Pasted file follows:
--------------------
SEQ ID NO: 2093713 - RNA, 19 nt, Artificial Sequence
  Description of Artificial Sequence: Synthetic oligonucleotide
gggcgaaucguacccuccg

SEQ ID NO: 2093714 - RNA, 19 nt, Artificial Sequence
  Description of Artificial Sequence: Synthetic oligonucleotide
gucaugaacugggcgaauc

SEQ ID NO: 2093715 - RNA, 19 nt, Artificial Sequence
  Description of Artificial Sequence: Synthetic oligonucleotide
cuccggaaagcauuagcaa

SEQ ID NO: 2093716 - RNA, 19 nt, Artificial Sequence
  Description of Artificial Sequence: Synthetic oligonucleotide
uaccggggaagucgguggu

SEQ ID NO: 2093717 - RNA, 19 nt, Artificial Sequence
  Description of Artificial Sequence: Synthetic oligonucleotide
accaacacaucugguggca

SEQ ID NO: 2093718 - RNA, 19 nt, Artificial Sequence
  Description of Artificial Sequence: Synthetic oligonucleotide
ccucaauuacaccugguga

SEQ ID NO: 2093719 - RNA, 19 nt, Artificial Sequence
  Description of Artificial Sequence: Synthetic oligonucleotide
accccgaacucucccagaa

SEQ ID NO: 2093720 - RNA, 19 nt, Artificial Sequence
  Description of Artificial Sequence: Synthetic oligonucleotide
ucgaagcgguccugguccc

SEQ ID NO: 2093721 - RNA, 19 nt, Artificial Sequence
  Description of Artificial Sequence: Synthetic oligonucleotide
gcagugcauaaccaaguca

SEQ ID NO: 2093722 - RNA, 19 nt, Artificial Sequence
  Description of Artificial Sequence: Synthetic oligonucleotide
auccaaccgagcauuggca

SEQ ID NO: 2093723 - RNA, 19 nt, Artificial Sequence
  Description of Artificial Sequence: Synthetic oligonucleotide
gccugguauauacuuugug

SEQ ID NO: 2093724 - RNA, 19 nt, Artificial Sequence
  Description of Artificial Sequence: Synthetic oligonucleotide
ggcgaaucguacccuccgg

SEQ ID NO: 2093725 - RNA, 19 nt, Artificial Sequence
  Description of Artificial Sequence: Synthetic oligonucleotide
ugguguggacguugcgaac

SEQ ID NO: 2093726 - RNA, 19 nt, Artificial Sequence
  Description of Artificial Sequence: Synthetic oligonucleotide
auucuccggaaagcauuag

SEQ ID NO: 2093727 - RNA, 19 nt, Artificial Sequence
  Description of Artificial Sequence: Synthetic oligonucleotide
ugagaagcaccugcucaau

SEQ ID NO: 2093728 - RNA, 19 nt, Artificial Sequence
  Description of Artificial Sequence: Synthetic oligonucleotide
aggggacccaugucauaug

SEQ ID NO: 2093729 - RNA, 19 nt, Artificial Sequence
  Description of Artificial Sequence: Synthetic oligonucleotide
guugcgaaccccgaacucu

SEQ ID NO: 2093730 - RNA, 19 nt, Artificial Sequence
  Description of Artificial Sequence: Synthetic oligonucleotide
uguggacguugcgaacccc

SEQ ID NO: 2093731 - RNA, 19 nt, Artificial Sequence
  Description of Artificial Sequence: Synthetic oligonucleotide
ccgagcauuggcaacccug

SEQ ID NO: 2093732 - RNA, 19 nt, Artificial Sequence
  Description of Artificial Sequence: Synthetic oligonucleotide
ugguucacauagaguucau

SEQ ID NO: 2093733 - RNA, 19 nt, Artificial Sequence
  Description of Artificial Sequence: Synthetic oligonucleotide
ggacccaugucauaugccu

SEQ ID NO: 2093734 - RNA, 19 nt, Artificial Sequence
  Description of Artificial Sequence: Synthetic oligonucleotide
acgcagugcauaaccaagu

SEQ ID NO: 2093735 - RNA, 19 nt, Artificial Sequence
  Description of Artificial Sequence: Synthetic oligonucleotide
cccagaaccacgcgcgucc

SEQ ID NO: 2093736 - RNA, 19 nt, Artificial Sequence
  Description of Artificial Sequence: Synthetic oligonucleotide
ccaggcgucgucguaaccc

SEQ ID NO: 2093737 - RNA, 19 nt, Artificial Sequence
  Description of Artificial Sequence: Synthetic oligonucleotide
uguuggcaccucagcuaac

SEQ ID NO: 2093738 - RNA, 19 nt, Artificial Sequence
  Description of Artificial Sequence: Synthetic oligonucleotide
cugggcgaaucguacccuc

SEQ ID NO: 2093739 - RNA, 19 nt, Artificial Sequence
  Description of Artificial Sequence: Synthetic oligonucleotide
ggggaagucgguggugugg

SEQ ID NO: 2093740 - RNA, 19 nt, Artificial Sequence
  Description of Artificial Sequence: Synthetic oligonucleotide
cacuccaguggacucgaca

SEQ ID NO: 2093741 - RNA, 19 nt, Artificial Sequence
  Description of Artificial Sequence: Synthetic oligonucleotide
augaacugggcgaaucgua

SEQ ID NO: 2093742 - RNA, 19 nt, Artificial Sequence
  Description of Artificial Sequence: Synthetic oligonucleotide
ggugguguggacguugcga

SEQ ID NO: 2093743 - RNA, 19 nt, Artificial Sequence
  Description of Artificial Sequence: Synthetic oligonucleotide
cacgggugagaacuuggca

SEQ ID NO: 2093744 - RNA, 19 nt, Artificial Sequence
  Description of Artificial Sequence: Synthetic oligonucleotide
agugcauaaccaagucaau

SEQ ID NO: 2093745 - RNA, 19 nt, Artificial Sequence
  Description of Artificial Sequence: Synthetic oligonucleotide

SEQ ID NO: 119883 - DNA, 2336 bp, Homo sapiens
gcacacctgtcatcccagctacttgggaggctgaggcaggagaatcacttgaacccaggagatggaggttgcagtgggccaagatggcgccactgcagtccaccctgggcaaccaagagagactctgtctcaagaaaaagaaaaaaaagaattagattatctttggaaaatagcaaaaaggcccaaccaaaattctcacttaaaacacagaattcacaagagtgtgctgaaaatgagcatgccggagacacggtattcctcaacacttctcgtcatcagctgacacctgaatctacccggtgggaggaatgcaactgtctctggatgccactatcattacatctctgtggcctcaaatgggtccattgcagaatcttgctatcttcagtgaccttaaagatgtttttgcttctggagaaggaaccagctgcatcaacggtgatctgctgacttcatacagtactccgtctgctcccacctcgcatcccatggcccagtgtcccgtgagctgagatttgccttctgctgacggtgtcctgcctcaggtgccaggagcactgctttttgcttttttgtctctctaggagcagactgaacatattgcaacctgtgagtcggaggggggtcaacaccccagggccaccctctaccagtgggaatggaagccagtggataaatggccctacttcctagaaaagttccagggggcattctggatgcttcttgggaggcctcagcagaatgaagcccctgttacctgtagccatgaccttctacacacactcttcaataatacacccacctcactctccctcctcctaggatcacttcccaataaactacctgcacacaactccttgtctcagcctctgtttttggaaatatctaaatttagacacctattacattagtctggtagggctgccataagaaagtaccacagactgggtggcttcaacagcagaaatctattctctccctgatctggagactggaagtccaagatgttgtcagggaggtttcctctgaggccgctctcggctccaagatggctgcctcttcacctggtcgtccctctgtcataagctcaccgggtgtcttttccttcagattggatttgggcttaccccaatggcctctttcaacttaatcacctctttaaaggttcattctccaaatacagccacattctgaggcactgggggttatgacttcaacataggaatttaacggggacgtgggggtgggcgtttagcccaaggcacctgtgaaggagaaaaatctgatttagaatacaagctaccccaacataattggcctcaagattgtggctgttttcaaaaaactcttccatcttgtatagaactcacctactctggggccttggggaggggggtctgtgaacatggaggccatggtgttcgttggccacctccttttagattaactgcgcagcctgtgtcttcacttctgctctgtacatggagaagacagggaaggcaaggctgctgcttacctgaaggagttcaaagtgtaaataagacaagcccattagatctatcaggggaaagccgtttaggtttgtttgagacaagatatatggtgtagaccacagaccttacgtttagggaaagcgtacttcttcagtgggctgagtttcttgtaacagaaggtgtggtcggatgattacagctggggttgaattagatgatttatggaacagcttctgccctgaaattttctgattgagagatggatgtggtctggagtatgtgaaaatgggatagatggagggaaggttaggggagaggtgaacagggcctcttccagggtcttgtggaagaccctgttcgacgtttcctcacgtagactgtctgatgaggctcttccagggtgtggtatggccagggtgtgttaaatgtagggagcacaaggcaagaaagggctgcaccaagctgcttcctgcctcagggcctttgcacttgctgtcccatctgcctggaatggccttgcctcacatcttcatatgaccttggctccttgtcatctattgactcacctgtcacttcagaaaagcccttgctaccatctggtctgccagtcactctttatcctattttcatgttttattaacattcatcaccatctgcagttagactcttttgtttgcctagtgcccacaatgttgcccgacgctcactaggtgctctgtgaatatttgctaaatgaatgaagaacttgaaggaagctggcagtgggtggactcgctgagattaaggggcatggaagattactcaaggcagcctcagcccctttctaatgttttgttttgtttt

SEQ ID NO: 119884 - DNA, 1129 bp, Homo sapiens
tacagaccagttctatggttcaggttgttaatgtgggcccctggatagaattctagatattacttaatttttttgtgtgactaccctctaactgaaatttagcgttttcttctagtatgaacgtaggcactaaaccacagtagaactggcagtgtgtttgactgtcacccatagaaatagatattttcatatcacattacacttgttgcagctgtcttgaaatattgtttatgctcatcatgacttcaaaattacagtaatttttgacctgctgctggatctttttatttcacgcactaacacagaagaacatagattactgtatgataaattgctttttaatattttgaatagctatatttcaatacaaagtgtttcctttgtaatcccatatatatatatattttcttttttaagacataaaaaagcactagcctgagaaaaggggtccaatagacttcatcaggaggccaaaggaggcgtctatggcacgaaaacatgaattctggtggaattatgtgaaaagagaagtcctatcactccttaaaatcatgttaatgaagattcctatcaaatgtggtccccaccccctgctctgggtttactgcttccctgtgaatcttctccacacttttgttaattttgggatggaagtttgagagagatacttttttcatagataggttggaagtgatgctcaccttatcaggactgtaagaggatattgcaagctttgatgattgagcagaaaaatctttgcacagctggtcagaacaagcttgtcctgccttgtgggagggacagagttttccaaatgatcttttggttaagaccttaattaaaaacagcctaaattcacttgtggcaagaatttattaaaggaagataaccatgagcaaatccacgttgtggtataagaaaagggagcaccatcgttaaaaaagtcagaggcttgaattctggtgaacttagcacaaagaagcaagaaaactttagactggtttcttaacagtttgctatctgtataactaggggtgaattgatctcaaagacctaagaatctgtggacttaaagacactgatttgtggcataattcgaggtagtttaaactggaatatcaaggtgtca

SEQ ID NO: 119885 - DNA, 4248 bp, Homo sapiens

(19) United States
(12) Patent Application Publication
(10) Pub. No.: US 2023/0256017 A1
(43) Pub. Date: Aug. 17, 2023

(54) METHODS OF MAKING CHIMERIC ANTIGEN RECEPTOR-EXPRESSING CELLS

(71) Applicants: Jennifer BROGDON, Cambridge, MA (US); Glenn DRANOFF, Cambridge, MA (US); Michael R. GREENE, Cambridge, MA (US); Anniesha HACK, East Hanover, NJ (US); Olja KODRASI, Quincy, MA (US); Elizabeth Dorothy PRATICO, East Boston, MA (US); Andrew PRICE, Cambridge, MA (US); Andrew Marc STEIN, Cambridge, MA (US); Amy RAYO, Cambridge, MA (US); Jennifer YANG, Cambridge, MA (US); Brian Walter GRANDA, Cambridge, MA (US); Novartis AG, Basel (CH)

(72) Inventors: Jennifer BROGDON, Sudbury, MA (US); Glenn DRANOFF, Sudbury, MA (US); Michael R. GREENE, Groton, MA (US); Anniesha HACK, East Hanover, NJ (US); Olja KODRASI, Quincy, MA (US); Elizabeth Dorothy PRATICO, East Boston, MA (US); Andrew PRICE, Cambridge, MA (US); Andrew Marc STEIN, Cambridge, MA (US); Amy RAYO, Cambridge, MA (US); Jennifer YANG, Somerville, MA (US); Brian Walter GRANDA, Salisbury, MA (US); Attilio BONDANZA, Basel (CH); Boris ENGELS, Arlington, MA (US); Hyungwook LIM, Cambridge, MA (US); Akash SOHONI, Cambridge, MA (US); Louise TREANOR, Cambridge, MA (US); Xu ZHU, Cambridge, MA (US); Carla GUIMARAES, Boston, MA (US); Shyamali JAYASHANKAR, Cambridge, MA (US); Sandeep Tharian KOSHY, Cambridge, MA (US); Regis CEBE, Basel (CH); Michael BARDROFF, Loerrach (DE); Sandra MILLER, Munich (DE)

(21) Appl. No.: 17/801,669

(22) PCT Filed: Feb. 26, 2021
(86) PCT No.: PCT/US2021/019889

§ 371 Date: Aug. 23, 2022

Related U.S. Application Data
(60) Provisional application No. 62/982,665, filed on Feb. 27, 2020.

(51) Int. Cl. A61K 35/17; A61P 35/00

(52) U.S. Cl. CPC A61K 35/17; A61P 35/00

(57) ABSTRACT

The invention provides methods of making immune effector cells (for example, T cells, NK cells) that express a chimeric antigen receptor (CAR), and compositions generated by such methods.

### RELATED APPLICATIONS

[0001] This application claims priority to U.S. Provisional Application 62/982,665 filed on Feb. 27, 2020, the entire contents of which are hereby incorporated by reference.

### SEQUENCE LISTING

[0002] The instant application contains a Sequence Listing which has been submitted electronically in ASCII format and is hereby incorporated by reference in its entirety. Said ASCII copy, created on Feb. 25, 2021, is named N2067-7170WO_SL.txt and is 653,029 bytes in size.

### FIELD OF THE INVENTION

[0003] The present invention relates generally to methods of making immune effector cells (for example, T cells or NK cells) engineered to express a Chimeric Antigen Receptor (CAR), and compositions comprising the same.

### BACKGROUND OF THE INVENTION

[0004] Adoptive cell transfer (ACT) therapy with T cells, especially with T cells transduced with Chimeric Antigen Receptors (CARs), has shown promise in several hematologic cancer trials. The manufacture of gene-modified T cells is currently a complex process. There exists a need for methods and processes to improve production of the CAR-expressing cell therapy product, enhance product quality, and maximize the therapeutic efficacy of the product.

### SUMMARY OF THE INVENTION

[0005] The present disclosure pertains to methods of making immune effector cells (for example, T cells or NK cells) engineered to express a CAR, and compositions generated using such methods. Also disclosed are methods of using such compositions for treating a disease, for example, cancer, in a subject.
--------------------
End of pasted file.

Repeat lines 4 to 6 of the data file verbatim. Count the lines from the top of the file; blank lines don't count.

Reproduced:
SEQ ID NO: 2093714 - RNA, 19 nt, Artificial Sequence
  Description of Artificial Sequence: Synthetic oligonucleotide
gucaugaacugggcgaauc